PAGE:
Locked thus within each other's arms, eye questioned eye, while ever the bell beat out its fierce alarm. And presently, within the garden below, was the sound of running feet and, coming to the casement, Beltane beheld a light that hovered to and fro, growing ever nearer and brighter, until he saw that he who bore it was Black Roger; and Roger's face shone with sweat and his breath laboured with his running.

  "Master!" he panted, "O master——a mine! a mine! They have breached the wall beside the gate——hark, where they storm the city! Come, master, O come ere it be too late!"

  Now Beltane clenched his fists and scowled on pale-faced Roger and from him to the radiant sky, yet when he spake his voice was low and even:

  "I thank thee, faithful Roger! Go you and summon such of our foresters as ye may, muster them in the market-square, there will I come to thee."

  Now when Roger's flickering light had vanished he turned, and found Helen close beside him; her cheeks were pale, but in her hand she held his sword.

  "'Tis well thou wert not all unarmed, my lord!" she sighed, and forthwith belted the weapon about him. "Kneel down, I prithee, that I may lace for thee thy hood of mail." And when it was done she knelt also, and taking his hand pressed it to her throbbing heart, and holding him thus fell to prayer:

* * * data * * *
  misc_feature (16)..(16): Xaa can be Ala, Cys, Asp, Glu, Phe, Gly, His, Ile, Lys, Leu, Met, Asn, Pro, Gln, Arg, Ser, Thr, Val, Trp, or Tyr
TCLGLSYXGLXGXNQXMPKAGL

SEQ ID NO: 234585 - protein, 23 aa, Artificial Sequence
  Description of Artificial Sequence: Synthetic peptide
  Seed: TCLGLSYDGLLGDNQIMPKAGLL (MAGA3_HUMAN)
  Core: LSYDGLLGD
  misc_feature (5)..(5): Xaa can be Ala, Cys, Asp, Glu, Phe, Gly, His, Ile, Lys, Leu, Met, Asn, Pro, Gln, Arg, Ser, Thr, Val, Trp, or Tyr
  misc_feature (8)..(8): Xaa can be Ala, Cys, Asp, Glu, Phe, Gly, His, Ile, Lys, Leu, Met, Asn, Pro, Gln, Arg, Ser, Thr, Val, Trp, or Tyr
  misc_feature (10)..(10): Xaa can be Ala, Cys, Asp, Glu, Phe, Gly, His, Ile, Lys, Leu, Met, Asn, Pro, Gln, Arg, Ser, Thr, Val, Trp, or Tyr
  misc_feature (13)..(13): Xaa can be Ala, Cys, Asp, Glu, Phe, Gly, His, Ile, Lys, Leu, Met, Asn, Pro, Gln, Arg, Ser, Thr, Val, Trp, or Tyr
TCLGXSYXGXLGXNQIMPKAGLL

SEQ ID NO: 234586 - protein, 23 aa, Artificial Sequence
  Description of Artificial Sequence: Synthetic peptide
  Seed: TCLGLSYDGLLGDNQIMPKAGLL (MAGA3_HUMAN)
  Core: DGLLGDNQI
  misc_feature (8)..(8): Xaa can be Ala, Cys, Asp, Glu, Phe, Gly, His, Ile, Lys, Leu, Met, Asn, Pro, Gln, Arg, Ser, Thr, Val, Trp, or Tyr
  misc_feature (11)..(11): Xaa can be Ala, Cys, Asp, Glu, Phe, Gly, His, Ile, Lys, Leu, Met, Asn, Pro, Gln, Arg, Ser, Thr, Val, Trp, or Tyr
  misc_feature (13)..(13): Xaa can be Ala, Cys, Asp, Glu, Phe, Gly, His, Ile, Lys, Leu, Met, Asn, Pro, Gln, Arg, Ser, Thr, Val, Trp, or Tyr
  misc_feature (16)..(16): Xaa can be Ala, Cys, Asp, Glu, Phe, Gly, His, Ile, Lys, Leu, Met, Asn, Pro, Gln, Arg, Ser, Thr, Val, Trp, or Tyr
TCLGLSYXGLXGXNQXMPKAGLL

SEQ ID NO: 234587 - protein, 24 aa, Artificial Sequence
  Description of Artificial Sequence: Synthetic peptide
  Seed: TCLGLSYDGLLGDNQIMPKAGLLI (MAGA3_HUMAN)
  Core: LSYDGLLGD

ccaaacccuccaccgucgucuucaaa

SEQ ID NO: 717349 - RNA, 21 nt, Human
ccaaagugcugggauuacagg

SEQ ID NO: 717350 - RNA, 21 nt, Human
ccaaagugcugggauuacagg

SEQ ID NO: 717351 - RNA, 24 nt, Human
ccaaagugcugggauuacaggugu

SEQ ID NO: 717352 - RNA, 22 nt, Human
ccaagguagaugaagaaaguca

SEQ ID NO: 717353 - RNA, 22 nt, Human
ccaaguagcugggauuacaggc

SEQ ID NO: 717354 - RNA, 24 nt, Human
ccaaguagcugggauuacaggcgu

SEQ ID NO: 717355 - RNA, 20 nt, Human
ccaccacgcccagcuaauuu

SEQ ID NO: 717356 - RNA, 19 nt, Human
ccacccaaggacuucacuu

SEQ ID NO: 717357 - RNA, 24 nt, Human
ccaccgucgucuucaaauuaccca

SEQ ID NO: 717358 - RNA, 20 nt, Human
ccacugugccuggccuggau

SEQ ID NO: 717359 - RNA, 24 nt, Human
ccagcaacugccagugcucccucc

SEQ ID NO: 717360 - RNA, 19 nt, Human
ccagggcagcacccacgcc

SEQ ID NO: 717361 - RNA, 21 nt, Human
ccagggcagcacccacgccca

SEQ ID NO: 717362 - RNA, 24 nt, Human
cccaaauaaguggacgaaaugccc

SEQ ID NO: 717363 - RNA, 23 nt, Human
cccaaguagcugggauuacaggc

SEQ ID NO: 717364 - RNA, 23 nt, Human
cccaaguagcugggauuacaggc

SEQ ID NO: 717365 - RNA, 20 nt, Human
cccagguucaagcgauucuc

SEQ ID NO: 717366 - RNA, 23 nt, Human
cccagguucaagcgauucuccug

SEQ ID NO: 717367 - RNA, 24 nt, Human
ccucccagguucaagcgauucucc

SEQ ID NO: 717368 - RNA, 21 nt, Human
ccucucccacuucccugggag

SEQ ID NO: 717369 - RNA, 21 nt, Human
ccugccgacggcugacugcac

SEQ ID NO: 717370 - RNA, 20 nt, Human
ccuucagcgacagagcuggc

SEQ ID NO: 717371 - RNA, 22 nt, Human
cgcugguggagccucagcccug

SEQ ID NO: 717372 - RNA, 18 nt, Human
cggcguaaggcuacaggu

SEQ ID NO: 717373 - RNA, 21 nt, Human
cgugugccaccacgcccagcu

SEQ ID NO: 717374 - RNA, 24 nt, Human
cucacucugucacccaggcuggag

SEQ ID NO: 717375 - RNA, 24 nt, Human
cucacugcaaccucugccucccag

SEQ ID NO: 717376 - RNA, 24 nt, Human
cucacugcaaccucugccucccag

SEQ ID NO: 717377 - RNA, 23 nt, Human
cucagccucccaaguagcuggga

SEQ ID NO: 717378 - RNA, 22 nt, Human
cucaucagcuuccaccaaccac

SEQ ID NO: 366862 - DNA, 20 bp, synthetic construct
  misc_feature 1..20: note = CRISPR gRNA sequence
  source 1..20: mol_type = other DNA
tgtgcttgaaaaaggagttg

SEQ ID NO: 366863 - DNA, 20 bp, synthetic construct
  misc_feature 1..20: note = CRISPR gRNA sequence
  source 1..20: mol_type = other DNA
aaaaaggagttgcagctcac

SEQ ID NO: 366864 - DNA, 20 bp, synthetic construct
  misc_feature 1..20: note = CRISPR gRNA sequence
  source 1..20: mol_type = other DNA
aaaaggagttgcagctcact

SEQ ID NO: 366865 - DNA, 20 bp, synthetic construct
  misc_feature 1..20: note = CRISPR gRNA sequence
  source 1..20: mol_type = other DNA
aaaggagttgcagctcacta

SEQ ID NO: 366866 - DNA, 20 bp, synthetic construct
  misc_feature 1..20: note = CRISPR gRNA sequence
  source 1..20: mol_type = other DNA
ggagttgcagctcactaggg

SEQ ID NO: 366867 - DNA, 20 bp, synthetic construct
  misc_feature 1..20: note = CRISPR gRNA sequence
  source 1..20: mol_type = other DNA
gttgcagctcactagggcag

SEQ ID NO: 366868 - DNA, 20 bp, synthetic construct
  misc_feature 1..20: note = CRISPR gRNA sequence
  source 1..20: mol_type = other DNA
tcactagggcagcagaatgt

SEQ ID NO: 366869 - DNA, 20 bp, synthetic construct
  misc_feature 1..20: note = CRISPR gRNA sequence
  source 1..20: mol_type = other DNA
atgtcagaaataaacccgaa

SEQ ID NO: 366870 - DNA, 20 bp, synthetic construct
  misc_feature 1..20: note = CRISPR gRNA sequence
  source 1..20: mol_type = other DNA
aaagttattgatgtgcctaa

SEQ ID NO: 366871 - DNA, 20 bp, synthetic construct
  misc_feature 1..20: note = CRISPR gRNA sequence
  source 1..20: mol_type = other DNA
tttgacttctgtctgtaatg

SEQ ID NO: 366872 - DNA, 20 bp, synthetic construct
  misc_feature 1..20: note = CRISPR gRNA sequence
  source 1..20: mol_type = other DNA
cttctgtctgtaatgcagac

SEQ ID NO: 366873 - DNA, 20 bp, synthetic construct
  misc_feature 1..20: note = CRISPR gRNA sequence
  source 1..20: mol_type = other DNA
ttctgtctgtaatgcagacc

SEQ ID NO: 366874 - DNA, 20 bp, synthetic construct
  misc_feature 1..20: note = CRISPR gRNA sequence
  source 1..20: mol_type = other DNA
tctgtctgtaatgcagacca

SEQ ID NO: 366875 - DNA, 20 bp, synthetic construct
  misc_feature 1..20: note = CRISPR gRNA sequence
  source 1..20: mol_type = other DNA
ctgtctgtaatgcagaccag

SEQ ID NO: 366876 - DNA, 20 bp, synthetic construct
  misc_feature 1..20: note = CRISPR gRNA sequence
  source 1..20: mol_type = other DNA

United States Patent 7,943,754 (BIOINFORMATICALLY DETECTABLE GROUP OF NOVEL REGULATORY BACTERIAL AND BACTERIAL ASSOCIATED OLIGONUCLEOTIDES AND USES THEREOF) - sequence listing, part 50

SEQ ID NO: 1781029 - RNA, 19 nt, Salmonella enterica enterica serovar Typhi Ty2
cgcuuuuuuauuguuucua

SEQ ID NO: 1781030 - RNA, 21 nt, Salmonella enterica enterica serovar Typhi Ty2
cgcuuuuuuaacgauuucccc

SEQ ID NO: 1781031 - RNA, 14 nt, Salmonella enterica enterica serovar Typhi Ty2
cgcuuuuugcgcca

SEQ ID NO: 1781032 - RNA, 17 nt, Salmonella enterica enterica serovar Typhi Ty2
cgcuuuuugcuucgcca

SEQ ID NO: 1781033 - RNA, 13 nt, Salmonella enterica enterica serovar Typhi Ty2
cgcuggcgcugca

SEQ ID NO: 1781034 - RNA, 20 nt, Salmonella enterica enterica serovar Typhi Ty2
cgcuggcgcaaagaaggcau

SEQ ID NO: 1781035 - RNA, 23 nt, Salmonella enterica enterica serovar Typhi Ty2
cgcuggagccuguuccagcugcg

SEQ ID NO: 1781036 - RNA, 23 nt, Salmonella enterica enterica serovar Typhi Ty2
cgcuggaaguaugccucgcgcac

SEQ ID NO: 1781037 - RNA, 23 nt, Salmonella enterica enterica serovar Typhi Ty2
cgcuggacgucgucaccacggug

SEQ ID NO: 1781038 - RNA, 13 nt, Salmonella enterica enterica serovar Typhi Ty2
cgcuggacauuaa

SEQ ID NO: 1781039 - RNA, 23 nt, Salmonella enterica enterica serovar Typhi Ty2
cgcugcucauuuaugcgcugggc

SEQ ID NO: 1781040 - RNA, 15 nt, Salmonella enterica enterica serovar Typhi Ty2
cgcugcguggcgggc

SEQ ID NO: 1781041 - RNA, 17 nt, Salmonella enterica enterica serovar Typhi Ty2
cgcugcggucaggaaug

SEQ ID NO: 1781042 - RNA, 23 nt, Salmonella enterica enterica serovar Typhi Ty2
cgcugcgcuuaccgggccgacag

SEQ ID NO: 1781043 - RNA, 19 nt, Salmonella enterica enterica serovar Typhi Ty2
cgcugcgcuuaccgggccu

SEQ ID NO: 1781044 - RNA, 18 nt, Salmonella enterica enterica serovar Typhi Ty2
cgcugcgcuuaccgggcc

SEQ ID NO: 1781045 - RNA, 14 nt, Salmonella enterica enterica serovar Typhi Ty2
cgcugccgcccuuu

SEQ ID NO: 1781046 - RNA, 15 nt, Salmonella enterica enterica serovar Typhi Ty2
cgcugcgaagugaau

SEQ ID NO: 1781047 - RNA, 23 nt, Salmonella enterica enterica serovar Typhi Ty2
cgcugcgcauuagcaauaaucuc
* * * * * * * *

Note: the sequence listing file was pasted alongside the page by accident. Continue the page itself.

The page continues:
"O God of mercy, have in care those that fight in our defence this night, in especial guard and shield this man of mine that I do love beyond all men——O God of mercy, hear us!"

  So they arose, and as he looked on her so looked she on him, and of a sudden clasped him in close and passionate embrace:

  "Beltane——Beltane!" she sobbed, "God knoweth I do so love thee that thy dear flesh is mine, methinks, and the steel that woundeth thee shall hurt me also. And——O love——an thou should'st die to-night, then surely will this heart of mine die with thee——no man shall have my love other than thou——so to my grave will I go thy virgin wife for thy dear sake. Fare thee well Beltane, O dear my husband, fare thee well. Tarry no longer, lest I pray thee on my knees to go not to the battle."

  So Beltane kissed her once and went forth of the chamber, looking not back. She heard the ring of his armour a-down the stair, the quick tread of his feet, and leaning from the casement watched him go; and he, knowing her there, looked not up, but with teeth hard shut and iron hands clenched, strode fast upon his way.

  And now, since he looked not up, it seemed to her she was out of his thoughts already, for his face was stern and set, and in his eyes was the fierce light of battle.

  And she, kneeling alone in the failing glory of the moon, hid her face within yearning, desolate arms and wept long and bitterly.